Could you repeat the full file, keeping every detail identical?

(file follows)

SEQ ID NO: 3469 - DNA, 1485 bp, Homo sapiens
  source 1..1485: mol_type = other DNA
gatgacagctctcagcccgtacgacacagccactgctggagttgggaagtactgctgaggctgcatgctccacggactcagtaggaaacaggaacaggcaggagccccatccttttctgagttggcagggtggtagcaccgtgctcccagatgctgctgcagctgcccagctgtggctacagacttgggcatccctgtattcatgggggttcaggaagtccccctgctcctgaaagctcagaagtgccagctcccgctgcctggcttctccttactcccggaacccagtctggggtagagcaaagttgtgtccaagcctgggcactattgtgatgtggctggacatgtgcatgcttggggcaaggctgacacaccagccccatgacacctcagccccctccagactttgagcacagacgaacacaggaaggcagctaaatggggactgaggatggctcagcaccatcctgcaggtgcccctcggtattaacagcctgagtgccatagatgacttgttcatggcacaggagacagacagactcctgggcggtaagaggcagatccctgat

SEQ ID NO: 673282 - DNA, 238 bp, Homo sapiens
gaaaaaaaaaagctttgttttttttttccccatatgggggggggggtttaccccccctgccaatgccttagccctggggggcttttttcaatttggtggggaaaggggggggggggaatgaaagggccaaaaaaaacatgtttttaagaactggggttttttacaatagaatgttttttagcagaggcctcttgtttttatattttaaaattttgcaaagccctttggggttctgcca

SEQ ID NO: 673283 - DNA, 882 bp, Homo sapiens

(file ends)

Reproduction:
SEQ ID NO: 3469 - DNA, 1485 bp, Homo sapiens
  source 1..1485: mol_type = other DNA
gatgacagctctcagcccgtacgacacagccactgctggagttgggaagtactgctgaggctgcatgctccacggactcagtaggaaacaggaacaggcaggagccccatccttttctgagttggcagggtggtagcaccgtgctcccagatgctgctgcagctgcccagctgtggctacagacttgggcatccctgtattcatgggggttcaggaagtccccctgctcctgaaagctcagaagtgccagctcccgctgcctggcttctccttactcccggaacccagtctggggtagagcaaagttgtgtccaagcctgggcactattgtgatgtggctggacatgtgcatgcttggggcaaggctgacacaccagccccatgacacctcagccccctccagactttgagcacagacgaacacaggaaggcagctaaatggggactgaggatggctcagcaccatcctgcaggtgcccctcggtattaacagcctgagtgccatagatgacttgttcatggcacaggagacagacagactcctgggcggtaagaggcagatccctgat

SEQ ID NO: 673282 - DNA, 238 bp, Homo sapiens
gaaaaaaaaaagctttgttttttttttccccatatgggggggggggtttaccccccctgccaatgccttagccctggggggcttttttcaatttggtggggaaaggggggggggggaatgaaagggccaaaaaaaacatgtttttaagaactggggttttttacaatagaatgttttttagcagaggcctcttgtttttatattttaaaattttgcaaagccctttggggttctgcca

SEQ ID NO: 673283 - DNA, 882 bp, Homo sapiens